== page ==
I have not blogged in a while. My summer has been filled with shifts in the hospital and snatches of sunshine on the bike whenever possible. Before I knew it summer was over and the Cyclocross season had begun. Despite work I had put in a reasonable amount of time on the bike and with our newly developed gym/garage I had started to do some strength work.
Pretty much all of this training and riding was lead by Di. Diane Lee is our newest MBG recruit. Some of you may recognise her from our trip to the Tour Ta Malta and the MBG wiggle 6 duo. Di is a superb triathlete and cyclist. I won't bore you with her list of achievements as there are far to many to mention but what I will say is that if Di puts her mind to an event she will undoubtedly podium. Over the summer Di had encouraged me to do some fell running. Depsite being spanked by runners nearly 3 times my age I thoroughly enjoyed them and Di let me take home her winnings usually in the form of wine and flowers. With all this fell running and off road riding it dawned on me - what race would Di be really bloody good at? The cyclocross 3 peaks.
The 3 Peaks is one of the toughest bike races out there. For those that haven't heard of it, it involves carrying your bike up the three highest peaks in Yorkshire and then clinging on for grim death all the way down the other side - with a bit of road riding in between. It is something I have always fancied having a go at but deep down considered myself far to weedy, weak and slow.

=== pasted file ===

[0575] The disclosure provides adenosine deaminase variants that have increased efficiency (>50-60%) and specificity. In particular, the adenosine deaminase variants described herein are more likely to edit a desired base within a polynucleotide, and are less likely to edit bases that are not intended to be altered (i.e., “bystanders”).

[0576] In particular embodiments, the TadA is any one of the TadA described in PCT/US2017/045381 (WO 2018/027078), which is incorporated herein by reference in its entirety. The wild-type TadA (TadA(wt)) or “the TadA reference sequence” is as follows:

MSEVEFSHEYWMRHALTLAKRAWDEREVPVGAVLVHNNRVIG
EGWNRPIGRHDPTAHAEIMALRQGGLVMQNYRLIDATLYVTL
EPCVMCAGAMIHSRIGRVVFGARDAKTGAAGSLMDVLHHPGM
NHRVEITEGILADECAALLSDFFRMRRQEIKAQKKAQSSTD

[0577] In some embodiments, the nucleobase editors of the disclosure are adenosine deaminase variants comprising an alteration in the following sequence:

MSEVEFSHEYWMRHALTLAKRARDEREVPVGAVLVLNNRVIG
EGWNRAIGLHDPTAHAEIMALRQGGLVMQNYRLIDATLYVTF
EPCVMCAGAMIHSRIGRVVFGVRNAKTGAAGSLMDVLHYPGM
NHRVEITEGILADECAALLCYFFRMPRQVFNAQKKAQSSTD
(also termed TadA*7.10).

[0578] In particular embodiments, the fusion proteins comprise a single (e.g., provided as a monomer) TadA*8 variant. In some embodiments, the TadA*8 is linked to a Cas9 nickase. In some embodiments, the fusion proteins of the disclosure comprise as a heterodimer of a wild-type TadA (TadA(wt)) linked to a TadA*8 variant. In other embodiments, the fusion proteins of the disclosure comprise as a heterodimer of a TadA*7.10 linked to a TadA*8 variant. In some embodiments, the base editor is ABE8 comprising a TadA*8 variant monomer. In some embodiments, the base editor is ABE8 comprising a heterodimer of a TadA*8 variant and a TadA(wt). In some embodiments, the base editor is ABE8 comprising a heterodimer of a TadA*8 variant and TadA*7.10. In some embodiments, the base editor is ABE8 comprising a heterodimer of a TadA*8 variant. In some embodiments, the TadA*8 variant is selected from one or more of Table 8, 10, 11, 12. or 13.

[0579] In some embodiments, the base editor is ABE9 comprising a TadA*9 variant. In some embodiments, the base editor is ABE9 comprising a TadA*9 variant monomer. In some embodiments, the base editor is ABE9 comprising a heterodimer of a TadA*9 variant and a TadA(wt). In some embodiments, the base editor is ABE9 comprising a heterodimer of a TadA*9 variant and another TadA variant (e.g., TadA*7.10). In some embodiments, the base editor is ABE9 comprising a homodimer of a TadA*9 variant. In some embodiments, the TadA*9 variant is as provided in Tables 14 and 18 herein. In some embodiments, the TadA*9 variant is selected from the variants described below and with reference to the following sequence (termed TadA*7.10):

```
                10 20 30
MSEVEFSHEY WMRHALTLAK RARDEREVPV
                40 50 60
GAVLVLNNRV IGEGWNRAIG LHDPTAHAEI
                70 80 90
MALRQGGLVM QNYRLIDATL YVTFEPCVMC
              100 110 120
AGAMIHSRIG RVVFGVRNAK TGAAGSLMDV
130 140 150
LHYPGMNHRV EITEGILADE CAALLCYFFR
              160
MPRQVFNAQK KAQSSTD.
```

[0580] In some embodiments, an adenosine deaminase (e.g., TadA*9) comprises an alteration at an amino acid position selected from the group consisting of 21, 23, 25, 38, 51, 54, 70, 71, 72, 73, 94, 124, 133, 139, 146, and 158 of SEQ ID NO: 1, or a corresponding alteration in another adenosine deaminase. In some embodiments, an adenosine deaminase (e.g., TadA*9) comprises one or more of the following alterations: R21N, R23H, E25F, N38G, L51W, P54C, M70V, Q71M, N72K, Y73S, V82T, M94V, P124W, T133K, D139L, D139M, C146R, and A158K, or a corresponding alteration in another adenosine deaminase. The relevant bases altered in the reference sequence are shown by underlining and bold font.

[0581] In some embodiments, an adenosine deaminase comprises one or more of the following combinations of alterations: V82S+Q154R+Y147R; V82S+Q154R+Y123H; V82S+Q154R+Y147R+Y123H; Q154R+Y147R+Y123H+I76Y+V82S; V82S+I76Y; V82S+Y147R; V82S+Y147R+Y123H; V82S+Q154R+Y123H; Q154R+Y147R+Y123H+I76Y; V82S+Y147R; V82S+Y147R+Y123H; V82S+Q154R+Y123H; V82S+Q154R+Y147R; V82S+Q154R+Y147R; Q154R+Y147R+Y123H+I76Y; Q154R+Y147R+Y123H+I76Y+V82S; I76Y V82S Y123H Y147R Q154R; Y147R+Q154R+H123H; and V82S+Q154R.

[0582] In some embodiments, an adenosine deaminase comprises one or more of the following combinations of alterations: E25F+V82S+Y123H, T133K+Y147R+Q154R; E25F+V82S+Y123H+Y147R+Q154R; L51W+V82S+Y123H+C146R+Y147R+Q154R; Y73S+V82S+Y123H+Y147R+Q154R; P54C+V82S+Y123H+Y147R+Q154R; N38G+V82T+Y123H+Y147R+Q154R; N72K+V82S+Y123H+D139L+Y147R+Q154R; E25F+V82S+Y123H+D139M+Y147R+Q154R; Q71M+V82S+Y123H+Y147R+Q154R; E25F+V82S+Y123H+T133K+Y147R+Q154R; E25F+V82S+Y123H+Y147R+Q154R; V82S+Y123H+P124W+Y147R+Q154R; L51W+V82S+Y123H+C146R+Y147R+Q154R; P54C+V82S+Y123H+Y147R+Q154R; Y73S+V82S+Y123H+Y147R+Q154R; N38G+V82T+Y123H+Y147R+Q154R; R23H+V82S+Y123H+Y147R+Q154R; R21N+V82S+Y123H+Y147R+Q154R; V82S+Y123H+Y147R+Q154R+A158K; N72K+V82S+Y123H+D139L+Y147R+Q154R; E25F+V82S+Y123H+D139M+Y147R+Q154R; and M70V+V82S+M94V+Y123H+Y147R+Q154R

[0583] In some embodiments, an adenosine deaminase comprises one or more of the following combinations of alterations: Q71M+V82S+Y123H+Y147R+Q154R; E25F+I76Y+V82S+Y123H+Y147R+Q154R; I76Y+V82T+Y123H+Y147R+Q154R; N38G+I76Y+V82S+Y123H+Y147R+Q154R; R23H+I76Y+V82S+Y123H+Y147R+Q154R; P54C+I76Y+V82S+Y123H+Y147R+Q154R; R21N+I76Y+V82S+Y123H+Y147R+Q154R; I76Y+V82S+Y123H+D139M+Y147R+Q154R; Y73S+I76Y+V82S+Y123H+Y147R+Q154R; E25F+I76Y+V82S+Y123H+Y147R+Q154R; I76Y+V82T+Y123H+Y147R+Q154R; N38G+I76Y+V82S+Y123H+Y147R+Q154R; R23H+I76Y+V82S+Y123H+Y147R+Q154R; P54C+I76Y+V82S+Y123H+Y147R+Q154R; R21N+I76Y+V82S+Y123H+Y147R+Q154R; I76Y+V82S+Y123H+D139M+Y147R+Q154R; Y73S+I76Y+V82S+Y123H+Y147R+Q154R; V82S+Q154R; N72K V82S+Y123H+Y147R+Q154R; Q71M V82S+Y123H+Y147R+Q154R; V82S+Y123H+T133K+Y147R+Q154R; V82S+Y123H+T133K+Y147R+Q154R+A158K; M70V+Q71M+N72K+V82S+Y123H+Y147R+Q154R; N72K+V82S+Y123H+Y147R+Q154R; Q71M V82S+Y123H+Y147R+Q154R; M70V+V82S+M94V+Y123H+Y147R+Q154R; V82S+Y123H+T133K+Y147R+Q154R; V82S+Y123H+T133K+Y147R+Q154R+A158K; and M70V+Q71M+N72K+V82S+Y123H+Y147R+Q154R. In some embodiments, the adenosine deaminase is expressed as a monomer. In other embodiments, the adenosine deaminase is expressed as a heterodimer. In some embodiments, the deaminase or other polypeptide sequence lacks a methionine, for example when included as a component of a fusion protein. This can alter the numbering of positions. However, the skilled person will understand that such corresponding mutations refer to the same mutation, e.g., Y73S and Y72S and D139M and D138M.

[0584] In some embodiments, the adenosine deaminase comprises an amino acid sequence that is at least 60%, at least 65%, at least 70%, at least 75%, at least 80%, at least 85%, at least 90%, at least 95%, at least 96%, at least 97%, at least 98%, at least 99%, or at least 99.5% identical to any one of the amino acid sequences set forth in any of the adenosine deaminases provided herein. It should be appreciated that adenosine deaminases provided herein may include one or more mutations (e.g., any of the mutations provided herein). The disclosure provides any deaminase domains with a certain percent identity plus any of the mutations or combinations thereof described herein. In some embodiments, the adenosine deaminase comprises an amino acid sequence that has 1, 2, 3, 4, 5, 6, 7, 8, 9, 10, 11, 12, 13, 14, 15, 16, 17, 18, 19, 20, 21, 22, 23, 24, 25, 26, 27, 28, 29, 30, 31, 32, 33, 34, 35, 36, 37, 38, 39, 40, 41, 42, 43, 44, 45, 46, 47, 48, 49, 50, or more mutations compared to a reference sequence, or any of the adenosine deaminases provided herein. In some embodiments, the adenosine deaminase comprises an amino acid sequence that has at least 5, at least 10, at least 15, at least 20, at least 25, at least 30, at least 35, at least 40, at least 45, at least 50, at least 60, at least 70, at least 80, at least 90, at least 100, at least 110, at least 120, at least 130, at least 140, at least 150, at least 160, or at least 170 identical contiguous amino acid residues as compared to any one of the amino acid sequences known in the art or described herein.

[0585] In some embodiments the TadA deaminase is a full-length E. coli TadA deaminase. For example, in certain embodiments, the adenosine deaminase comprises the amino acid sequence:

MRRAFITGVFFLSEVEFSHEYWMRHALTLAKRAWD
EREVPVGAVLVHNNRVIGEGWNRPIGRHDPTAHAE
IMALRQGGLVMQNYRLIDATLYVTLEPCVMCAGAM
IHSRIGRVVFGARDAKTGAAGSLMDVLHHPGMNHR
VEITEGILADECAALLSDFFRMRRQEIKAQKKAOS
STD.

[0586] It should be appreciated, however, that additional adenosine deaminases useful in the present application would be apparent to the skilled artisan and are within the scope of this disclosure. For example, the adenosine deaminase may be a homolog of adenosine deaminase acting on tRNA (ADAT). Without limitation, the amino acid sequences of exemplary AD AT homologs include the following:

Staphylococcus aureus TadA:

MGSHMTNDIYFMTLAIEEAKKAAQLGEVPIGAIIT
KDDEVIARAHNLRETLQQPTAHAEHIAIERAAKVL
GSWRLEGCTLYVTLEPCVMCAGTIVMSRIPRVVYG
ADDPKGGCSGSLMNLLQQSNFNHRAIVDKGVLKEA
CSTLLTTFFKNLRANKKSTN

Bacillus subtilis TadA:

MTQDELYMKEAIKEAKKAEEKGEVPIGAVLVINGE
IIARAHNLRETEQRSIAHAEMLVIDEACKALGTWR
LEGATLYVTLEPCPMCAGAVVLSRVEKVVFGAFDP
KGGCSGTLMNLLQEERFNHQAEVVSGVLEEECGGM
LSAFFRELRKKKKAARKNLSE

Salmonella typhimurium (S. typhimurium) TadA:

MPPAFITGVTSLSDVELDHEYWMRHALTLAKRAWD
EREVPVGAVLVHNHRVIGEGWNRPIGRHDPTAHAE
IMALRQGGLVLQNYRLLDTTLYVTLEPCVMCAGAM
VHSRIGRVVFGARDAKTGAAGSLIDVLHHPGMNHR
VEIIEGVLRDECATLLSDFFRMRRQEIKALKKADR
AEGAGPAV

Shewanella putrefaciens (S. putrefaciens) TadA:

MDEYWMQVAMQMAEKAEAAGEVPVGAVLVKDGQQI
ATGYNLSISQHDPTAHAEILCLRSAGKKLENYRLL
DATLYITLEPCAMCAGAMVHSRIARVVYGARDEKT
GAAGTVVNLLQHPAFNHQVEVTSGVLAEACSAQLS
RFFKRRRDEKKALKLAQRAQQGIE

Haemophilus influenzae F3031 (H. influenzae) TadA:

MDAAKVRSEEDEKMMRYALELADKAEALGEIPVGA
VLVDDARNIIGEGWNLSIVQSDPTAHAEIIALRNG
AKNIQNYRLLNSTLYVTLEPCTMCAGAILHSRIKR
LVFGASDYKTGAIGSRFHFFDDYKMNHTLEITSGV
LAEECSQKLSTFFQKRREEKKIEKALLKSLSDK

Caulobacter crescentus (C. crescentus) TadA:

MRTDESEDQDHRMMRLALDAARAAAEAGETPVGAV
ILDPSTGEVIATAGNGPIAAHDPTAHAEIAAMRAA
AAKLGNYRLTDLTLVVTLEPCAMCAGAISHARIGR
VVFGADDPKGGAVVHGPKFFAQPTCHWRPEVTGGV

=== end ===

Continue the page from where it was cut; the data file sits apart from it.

With Di's confidence and support we decided to enter together, with our cross bikes adapted we set off to the race. I will now explain my experience of the race as Di's was rather different.
Sick with nerves I got myself to the start. I had chosen to wear a camelback as it was quite warm and there are various items you have to carry such as a survival bag and a whistle not to mention a large amount of mule bars, gels, jelly babies and my iphone just incase I had a serious accident. I knew this race was going to take me all bloody day.
I lined up with plenty of other friendly nervous looking riders. I rather foolishly put myself near the back for the start which probably isn't the best plan. However my only aim was to finish I had tried not to worry too much about setting a good time as I really had no idea what to expect. For starters I wasn't even sure I could cycle for 5 hours without a cafe stop! The kindly organisers set us off on a rolling road section. I moved my way though the bunch trying not to let the racing excitement take over and blow my legs to pieces in the first few kilometres.